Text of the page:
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It is mostly similar to a bunion (the same type of ailment affecting the big toe). It is called Tailor's Bunion because in past centuries, tailors sat cross-legged, and this was thought to cause this protrusion on the outside aspect of the foot.
It may also be known as Metatarsalgia or intractable plantar keratosis.
It is usually characterized by inflammation, pain and redness of the little toe.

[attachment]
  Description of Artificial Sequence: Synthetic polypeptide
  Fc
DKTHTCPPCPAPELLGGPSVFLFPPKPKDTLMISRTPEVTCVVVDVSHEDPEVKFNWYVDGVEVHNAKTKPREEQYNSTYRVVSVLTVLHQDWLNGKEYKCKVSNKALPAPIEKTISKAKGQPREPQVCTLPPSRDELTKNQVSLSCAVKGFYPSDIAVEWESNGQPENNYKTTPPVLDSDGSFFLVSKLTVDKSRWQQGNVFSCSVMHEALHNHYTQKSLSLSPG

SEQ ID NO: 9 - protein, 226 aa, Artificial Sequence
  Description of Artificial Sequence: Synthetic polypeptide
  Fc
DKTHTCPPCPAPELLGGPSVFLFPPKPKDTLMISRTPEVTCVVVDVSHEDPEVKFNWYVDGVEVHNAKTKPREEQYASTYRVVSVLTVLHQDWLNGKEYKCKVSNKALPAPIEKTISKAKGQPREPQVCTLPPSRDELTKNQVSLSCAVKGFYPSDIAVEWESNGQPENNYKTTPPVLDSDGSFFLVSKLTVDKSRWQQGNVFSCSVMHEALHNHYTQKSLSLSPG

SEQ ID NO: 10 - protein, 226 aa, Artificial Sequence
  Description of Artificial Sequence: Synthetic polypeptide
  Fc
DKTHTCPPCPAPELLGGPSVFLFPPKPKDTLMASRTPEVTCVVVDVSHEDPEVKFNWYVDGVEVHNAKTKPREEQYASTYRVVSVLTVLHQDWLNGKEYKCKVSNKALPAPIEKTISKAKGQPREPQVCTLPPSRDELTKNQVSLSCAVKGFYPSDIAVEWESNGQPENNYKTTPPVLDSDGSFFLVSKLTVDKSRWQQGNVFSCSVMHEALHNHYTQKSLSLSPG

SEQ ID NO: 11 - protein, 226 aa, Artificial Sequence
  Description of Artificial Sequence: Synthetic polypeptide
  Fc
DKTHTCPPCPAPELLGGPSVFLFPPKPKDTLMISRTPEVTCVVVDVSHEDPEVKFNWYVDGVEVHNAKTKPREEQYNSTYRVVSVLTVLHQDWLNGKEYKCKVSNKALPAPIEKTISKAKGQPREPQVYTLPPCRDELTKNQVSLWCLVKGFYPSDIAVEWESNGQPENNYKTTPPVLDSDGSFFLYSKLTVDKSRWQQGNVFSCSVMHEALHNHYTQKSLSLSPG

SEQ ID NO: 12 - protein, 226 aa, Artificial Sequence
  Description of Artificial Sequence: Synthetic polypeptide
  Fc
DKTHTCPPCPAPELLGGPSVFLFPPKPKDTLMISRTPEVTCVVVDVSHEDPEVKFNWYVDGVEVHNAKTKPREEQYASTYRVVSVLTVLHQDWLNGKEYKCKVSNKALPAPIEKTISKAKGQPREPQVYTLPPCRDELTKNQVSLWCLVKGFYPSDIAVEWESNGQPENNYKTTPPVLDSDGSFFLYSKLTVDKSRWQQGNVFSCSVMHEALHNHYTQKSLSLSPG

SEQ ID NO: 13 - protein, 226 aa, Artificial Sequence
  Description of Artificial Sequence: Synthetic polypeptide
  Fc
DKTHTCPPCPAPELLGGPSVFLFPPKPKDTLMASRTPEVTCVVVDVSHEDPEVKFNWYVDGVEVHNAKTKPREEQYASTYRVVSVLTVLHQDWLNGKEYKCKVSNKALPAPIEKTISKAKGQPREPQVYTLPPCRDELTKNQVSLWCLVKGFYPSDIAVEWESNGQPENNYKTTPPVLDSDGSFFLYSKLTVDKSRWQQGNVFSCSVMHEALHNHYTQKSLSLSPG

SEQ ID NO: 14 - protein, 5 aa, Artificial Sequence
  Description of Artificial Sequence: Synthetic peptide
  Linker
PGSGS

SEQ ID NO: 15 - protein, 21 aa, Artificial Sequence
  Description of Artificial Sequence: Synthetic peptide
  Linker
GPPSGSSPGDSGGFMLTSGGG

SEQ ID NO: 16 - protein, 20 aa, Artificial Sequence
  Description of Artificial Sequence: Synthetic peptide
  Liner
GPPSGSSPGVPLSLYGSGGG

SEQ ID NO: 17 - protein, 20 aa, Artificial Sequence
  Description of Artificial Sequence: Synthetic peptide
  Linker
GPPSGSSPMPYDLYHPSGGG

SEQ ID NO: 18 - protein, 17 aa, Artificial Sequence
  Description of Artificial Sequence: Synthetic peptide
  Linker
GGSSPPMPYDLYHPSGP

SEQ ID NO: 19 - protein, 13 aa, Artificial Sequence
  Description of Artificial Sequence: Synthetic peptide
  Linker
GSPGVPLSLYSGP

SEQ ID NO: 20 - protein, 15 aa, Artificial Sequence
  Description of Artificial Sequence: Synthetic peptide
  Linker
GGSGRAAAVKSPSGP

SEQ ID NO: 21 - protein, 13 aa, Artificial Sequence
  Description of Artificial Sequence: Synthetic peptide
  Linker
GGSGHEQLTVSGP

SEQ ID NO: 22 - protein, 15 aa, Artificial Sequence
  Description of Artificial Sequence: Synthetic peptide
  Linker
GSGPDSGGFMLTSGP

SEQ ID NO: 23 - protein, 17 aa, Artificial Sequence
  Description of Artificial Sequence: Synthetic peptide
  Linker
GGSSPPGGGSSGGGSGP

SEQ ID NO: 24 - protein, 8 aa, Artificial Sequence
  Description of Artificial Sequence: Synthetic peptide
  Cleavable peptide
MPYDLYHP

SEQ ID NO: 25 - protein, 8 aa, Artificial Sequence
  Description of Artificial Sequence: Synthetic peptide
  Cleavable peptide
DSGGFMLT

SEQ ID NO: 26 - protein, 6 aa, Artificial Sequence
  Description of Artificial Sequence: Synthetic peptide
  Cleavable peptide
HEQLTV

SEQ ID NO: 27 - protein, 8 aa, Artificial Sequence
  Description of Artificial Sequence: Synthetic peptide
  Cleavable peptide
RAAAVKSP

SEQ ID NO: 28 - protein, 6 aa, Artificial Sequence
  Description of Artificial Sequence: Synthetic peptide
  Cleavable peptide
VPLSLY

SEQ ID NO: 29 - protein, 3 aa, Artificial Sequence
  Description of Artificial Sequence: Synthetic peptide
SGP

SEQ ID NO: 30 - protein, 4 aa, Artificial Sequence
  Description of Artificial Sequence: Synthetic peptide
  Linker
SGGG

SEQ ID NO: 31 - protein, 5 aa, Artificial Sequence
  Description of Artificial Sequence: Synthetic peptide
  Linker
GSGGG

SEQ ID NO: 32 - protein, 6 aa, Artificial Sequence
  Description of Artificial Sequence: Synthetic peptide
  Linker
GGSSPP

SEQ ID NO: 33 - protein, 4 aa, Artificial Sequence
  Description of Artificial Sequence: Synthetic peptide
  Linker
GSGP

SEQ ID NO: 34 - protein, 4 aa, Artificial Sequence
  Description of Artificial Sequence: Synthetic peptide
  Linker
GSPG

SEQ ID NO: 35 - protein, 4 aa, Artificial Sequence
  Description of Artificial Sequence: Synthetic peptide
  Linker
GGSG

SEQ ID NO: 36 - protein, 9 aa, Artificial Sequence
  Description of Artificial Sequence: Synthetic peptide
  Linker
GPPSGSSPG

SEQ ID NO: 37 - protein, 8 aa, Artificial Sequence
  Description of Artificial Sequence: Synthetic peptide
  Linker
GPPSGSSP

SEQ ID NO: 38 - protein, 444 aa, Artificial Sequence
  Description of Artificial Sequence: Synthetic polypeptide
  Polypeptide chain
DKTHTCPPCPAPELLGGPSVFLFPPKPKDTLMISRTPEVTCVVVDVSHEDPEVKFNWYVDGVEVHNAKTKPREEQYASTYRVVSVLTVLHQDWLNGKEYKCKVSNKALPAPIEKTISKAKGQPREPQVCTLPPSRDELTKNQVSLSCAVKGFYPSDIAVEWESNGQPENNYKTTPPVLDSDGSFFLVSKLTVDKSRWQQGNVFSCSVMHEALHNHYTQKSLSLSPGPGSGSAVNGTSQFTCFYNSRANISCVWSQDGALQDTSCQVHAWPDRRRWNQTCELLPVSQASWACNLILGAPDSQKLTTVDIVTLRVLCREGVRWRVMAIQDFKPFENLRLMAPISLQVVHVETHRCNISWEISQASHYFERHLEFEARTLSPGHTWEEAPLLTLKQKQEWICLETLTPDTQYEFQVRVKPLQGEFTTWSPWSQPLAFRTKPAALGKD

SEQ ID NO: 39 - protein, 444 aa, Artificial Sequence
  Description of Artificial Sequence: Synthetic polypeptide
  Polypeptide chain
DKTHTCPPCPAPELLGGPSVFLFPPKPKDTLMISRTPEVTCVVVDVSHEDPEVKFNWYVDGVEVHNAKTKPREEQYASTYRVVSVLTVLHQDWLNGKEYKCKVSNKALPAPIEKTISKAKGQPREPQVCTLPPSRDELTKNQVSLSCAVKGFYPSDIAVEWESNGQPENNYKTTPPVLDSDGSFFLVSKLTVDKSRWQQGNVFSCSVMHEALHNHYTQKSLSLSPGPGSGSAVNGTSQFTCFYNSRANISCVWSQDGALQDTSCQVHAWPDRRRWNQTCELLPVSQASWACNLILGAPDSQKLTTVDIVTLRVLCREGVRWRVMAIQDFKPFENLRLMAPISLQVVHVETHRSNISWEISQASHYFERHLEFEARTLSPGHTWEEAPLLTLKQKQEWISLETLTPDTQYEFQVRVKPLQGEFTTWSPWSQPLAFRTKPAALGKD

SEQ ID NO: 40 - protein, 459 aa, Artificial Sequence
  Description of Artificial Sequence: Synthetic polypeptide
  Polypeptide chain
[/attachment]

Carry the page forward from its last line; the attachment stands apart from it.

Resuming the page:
Often a tailor's bunion is caused by a faulty mechanical structure of the foot. The fifth metatarsal bone starts to protrude outward, while the little toe moves inward. This change in alignment creates an enlargement on the outside of the foot.
Tailor's bunion is easily diagnosed because the protrusion is visually apparent. X-rays may be ordered to help the surgeon find out the severity of the deformity.
Some of the non-surgical therapies includes.
Surgery is often considered when pain continues for a long period with no improvement in these non-surgical therapies.
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